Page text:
Bash is a fantastic scripting language that allows performing a plethora of operations, from simple installation scripts to complex log parsers.
However, no matter how simple or complex a bash script turns out, there is one thing they all have in common; variables.
Variables are a fundamental building block in all programming languages. They allow us to store values of various types for later use. Instead of referencing the variable by its memory address, we can use the variable name.
What is an Empty Variable?
Although the definition of an empty variable may vary depending on the context, an empty variable can be said to be any variable whose value has a length of 0.
Let us now see whether we can determine an empty variable.
Method 1 - Check Variable Length using the
The first and most common method to determine if a variable is empty is by checking its length. We can use the
-z flag to accomplish this.
Let us illustrate.
Start by creating a work file:
mkdir scripts cd scripts
Next, create the bash file:
Finally, add some sample script as shown:
#!/bin/bash url="geekbits.io" if [ -z $url]; then echo "Variable is empty" else echo "value: $url" fi
In the example code above, we start by defining a new variable called
url. We then use the
-z option in the
flag command is a conditional evaluation utility that allows you to test various conditional expressions. Using the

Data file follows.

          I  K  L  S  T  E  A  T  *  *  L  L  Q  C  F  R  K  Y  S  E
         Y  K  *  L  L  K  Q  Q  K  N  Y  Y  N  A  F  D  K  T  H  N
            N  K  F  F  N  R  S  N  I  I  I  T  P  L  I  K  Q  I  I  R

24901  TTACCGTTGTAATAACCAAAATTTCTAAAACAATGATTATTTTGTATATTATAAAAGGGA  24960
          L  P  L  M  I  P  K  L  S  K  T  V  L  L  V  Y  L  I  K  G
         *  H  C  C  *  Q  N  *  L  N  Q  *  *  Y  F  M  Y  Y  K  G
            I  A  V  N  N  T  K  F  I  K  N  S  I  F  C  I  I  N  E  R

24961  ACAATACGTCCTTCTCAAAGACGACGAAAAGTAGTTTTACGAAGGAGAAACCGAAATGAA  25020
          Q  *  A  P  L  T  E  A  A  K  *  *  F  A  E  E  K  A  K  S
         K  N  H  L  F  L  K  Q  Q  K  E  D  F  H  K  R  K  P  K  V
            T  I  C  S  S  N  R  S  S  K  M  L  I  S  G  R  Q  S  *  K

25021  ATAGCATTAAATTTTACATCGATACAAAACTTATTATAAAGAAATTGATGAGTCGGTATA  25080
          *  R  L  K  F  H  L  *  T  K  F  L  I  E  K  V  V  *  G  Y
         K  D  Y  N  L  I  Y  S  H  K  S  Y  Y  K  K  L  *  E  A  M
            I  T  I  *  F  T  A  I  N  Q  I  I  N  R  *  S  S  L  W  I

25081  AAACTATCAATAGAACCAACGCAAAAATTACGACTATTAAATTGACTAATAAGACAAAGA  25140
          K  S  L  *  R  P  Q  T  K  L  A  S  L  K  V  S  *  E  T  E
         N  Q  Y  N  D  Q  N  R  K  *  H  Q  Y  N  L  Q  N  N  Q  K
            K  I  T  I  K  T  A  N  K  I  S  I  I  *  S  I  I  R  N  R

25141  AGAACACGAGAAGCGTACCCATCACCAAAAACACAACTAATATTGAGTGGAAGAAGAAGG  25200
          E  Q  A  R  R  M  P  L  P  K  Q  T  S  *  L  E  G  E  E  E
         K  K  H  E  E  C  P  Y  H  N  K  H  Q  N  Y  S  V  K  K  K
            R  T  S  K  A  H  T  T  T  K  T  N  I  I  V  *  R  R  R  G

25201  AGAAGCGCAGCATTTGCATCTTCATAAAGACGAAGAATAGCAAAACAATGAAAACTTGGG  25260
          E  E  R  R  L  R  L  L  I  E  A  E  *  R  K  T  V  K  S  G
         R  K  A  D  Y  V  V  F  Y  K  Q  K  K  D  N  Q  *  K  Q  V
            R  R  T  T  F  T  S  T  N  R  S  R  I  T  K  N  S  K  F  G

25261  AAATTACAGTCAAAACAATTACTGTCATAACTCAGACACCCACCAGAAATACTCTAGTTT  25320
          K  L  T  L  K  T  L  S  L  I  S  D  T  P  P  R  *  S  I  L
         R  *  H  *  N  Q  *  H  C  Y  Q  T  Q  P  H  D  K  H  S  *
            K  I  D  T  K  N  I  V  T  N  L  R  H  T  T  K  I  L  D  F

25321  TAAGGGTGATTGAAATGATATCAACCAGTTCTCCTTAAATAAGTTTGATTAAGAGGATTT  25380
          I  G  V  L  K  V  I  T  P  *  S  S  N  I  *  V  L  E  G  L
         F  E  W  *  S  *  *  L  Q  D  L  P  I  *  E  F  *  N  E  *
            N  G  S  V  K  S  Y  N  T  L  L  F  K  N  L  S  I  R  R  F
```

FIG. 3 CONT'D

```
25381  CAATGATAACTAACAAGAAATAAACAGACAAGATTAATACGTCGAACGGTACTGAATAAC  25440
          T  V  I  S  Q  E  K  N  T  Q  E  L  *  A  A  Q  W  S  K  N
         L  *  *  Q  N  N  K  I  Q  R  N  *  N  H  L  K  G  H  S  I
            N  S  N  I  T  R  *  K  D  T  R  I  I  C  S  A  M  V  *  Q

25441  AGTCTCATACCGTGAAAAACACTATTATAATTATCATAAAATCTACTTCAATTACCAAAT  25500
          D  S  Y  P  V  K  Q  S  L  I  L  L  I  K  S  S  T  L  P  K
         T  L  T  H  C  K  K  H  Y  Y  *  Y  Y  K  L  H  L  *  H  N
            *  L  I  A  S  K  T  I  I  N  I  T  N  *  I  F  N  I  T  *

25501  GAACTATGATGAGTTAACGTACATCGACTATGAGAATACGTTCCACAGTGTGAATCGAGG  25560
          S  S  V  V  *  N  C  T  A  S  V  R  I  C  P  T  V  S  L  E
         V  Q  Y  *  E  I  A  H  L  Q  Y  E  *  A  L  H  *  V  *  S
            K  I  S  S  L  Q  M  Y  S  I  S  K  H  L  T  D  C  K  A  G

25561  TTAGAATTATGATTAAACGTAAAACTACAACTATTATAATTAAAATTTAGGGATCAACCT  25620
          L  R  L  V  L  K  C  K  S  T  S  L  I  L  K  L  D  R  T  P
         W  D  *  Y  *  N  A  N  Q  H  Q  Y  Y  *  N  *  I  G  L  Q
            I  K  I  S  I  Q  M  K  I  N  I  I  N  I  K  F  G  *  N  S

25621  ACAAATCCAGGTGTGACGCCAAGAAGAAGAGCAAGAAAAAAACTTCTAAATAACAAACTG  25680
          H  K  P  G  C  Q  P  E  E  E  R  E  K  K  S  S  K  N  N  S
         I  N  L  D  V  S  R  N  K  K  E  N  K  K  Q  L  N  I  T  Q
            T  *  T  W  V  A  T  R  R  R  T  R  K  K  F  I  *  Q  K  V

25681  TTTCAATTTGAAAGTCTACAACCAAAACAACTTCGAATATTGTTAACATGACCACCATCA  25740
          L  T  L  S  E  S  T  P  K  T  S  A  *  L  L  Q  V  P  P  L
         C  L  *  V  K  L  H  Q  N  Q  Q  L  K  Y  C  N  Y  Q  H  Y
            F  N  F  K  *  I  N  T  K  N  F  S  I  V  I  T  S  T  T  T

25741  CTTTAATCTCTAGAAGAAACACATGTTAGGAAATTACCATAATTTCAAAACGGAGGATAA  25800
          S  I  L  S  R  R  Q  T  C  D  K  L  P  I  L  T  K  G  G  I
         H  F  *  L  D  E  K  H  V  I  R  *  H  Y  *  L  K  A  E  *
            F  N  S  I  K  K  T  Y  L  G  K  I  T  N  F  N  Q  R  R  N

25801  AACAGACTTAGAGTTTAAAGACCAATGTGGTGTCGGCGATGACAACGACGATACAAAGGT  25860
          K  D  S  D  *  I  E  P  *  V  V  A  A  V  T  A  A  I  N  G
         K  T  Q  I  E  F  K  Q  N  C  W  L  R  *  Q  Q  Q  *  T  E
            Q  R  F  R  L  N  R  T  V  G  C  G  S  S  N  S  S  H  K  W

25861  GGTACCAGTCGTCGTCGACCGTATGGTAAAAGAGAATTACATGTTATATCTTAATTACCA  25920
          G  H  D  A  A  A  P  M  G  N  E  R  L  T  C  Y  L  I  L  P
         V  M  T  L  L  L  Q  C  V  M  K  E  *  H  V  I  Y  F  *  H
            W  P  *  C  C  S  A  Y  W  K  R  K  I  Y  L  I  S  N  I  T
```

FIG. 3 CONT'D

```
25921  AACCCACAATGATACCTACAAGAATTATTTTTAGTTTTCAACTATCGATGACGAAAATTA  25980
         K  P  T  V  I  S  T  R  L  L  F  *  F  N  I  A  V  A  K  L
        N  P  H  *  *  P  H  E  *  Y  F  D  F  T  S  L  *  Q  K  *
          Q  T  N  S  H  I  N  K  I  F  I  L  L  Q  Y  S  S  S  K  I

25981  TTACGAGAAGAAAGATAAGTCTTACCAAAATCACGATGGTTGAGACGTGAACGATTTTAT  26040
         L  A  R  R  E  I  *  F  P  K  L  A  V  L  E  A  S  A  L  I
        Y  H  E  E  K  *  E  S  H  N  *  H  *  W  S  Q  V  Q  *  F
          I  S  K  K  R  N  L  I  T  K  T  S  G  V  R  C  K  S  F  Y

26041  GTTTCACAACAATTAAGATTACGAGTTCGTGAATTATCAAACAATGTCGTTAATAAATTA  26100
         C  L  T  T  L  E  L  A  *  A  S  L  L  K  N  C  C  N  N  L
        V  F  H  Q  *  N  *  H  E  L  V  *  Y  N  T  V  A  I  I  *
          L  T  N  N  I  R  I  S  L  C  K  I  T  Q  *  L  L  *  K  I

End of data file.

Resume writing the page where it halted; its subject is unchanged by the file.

-z flag, we test if the given string has a length of 0.
If the length is 0, the variable is empty; otherwise, the variable has a value set.
Run the script:
chmod +x test_var.sh ./test_var.sh
The resulting script output:
In this case, since the variable is not empty, the script should print the variable's value as demonstrated in the output above.
Take a look at the second script provided below:
#!/bin/bash url="" if [ -z $url]; then echo "Variable is empty" else echo "value: $url" fi
In the second example above, the
url variable is empty. Running the script above should print:
Variable is empty
Method 2 - Check Variable Not Empty
The second method we can use to test if a variable is empty is the
-n option from the
In this case, the
-n flag returns
True if the length of the string is nonzero.
Consider the example script shown below with an empty value for the
#!/bin/bash url='' if [ -n "$url"]; then echo "variable not empty" else echo "variable is empty" fi
Once we run the script above, we should get the output as shown:
./test_var variable is empty
Method 3 - Using Direct String Comparison
If you do not wish to use the
-n flags, you can perform a direct string comparison as shown in the example below:
#!/bin/bash url="geekbits.io" if [[ "$url" == "" ]]; then echo "variable is empty" else echo "variable is not empty" fi
In this case, we directly compare the value of a given variable to an empty string. if the variable is equal to an empty string, we know the variable is empty. Otherwise, the variable has a value set.
Running the script above should return:
./test_variable.sh variable is not empty
In this case, the
url variable is not empty.
In this tutorial, you discovered three main methods of determining if a given variable is empty or not using Bash built-in features.
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